The practice is now about two hours long. It occupies the first part of my day (unless life diverts my attention elsewhere).

Pranayama

When I met Paul 14 months ago I received 4 practice variations:

  1. 10.0.10.0 x8br pratiloma ujjayi
    12.0.12.0 x8br pratiloma ujjayi
    15.0.15.0 x8br pratiloma ujjayi
    8.0.8.0 x8br pratiloma ujjayi
    4.0.4.0 x4br ujjayi
  2. 10.0.10.0 x8br pratiloma ujjayi
    12.0.12.0 x8br pratiloma ujjayi
    12.4.12.4 x8br pratiloma ujjayi
    8.0.8.0 x8br pratiloma ujjayi
    4.0.4.0 x4br ujjayi
  3. 8.0.12.0 x8br pratiloma ujjayi
    12.0.12.0 x8br pratiloma ujjayi
    12.4.12.4 x8br pratiloma ujjayi
    8.0.8.0 x8br pratiloma ujjayi
    4.0.4.0 x4br ujjayi
  4. 12.0.12.0 x16br pratiloma ujjayi
    6.0.6.0 x8br pratiloma ujjayi
    4.0.4.0 x4br ujjayi

I explored almost the entire set last winter/early spring. After settling back into practice I started over. I started with variant 3 and then moved to variant 2. By mid-January I felt that I was ready to move onto variant 1, but then experienced blockage coming and going mostly in my right nostril. I was able to hold variant 2, but not to move on. I feel I’ve learned something about my blocked nasal passages (its subtle and I may try to go into more detail in a separate post). I am now transitioning to variant 1. It is my default practice, though on days where I feel blocked, I may still revert to variant 2.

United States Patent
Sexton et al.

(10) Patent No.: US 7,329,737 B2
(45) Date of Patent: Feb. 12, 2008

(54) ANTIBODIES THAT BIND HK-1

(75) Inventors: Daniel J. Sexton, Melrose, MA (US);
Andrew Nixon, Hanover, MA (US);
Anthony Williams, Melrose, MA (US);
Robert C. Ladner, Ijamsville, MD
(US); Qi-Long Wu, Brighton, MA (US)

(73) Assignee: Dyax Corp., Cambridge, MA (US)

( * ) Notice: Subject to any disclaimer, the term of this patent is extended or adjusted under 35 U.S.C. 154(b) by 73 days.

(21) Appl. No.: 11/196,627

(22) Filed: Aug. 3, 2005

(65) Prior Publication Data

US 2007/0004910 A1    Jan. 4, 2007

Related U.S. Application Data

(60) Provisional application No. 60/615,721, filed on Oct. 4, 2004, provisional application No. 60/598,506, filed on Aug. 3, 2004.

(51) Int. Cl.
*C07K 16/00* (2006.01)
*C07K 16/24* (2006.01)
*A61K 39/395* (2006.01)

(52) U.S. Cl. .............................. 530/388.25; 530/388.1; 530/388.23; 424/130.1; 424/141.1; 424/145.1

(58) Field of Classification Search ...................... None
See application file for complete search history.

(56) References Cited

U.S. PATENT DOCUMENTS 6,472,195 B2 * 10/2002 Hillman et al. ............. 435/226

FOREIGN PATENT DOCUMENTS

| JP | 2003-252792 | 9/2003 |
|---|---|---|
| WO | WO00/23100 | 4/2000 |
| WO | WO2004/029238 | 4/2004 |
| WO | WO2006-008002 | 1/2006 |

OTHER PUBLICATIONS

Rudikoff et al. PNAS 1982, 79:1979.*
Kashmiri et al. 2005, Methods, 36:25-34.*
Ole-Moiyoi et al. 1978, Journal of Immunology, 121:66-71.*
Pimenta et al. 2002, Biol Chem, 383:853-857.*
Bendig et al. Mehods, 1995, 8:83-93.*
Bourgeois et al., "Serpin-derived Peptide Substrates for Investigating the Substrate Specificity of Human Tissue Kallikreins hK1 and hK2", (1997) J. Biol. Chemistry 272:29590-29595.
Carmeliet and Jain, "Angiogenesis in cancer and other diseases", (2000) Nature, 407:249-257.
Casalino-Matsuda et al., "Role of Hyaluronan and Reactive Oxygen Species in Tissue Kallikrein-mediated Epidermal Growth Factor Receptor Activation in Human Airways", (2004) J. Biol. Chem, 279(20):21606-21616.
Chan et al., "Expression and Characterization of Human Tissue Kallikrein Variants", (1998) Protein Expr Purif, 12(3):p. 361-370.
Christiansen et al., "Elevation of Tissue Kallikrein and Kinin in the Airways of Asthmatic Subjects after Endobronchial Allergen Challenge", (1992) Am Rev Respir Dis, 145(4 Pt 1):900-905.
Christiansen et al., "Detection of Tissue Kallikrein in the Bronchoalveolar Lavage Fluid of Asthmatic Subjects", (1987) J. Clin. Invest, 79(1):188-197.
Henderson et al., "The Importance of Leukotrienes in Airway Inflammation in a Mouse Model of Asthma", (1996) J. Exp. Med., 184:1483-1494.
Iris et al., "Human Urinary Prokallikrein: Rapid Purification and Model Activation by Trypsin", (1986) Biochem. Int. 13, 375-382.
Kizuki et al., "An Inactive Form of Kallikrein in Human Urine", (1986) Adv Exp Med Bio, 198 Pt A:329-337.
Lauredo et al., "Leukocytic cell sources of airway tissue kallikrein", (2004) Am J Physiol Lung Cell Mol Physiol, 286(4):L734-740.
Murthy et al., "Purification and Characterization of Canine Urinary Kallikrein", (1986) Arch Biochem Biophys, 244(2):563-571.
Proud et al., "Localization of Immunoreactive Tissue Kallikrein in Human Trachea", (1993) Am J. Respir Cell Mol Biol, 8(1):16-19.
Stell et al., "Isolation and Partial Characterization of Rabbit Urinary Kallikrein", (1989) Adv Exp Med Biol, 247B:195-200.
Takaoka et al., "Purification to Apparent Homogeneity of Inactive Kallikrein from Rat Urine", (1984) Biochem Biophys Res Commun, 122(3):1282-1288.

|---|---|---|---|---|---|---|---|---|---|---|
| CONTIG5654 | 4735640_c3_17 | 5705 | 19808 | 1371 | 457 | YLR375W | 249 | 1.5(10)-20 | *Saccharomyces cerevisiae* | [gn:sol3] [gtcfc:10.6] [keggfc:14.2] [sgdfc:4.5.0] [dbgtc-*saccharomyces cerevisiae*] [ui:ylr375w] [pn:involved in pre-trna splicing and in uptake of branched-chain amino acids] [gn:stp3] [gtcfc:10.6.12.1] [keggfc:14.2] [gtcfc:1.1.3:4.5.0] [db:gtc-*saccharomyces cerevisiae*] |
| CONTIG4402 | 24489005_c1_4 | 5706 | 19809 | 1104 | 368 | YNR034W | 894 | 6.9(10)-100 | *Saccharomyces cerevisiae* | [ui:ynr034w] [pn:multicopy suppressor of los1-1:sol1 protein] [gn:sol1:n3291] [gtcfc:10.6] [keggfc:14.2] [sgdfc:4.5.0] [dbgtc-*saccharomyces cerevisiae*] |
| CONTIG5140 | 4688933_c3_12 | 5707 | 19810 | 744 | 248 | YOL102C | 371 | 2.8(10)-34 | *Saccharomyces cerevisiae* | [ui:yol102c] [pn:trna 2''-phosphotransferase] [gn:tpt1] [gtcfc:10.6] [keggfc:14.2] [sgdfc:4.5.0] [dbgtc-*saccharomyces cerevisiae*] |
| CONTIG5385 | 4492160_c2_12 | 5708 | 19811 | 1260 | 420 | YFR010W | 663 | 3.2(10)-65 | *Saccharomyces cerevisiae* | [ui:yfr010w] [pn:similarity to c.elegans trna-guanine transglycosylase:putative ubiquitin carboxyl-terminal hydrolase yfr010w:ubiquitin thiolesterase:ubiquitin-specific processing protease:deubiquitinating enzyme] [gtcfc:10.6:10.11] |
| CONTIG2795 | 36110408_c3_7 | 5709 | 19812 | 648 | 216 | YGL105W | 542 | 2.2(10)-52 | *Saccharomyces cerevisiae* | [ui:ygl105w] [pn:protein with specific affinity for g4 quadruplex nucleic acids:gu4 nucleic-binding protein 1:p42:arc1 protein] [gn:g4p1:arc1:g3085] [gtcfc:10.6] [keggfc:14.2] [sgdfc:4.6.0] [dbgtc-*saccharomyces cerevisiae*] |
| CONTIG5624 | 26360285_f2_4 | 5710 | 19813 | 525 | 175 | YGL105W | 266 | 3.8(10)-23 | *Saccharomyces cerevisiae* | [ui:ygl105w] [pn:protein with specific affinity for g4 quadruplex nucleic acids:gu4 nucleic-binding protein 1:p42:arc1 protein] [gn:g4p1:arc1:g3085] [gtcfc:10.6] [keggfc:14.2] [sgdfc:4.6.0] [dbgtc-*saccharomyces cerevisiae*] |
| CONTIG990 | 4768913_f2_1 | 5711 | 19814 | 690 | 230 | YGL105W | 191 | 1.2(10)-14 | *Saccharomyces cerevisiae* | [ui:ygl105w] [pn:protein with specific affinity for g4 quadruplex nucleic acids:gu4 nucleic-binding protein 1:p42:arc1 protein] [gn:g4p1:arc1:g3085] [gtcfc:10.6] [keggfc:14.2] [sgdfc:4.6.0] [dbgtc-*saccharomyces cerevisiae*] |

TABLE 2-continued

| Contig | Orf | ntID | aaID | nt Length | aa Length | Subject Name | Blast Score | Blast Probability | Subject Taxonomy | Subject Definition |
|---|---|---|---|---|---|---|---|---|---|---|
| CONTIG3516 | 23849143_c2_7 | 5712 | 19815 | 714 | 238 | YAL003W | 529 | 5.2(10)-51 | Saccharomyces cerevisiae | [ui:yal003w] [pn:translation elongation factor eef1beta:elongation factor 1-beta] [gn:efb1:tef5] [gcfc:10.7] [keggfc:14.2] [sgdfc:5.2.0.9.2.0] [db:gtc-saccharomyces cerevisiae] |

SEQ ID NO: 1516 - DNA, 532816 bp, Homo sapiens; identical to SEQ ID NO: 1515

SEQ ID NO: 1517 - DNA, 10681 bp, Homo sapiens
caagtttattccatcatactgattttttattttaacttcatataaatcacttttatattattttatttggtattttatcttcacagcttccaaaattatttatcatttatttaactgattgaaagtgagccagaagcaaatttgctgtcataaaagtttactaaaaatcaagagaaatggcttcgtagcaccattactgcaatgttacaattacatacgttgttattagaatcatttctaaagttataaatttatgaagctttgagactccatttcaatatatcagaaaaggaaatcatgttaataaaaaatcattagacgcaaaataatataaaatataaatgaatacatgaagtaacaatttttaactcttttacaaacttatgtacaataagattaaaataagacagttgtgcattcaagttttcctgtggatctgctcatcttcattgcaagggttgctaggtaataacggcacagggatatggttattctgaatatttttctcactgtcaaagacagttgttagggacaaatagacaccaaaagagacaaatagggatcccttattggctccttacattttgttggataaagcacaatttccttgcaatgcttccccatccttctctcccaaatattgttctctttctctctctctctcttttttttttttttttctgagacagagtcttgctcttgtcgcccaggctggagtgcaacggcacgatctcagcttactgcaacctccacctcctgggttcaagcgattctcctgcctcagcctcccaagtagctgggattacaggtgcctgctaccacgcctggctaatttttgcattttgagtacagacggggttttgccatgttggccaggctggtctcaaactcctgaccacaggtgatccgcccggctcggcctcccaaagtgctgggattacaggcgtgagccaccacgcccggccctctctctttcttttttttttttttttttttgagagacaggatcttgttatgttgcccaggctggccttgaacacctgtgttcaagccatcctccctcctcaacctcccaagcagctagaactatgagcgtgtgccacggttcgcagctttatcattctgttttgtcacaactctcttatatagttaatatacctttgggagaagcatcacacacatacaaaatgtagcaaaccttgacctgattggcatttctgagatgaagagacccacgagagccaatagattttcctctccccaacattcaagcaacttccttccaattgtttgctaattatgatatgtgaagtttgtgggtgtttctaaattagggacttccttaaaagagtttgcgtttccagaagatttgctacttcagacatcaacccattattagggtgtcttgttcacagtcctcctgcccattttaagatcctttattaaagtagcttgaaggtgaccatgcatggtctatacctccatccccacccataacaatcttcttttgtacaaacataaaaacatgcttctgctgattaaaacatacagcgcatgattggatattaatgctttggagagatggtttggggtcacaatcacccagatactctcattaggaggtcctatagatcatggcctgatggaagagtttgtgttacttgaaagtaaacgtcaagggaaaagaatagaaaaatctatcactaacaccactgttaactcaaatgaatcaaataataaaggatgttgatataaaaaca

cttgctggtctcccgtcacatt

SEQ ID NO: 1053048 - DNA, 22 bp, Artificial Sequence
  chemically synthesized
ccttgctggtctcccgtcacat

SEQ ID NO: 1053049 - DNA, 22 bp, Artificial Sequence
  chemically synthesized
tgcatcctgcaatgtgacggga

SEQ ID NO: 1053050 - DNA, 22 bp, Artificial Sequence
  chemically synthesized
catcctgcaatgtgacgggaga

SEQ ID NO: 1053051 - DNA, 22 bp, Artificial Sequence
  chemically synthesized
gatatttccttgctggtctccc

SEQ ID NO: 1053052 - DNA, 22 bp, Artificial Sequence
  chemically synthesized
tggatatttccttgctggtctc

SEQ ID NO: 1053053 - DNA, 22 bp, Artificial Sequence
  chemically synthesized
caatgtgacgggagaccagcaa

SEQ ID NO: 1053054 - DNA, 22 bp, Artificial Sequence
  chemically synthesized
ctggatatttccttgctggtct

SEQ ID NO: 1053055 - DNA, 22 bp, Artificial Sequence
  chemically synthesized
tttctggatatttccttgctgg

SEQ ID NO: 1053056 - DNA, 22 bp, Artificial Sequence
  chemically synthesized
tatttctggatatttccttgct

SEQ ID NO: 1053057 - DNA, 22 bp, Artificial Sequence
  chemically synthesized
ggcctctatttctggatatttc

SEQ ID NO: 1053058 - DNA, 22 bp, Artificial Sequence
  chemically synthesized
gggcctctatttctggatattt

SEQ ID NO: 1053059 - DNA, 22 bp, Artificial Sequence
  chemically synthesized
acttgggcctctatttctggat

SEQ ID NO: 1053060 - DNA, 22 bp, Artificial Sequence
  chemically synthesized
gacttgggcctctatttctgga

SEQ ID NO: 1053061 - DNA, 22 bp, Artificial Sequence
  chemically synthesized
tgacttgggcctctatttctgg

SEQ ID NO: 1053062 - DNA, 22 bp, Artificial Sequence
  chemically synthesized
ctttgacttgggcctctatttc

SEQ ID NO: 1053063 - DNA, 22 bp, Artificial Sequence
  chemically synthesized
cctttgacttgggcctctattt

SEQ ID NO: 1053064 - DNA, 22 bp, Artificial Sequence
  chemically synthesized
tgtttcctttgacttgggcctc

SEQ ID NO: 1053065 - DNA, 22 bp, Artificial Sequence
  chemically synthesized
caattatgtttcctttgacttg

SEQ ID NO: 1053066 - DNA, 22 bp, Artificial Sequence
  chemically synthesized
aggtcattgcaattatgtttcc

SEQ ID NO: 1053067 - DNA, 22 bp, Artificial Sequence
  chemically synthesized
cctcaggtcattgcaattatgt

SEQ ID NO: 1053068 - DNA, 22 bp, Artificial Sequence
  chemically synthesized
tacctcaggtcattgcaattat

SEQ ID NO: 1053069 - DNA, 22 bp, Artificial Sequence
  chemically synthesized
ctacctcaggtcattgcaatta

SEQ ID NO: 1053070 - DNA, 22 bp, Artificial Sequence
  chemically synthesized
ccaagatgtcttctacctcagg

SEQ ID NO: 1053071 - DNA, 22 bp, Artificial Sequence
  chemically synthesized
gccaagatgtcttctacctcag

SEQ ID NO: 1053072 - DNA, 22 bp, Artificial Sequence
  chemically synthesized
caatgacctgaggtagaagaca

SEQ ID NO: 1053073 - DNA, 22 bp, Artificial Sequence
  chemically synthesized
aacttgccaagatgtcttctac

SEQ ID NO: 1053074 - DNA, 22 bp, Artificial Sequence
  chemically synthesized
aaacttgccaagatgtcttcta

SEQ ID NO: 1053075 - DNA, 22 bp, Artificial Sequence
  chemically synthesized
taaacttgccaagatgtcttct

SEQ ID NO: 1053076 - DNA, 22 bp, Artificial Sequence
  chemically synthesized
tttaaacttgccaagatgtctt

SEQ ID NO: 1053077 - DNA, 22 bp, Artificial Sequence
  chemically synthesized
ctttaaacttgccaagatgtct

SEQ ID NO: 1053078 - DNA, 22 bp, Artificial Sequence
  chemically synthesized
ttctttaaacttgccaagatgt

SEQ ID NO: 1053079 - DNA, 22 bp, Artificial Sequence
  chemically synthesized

I feel that I have an increased breathing capacity (that I could softly transition also to variant 4), but that the nasal blockage is holding me back.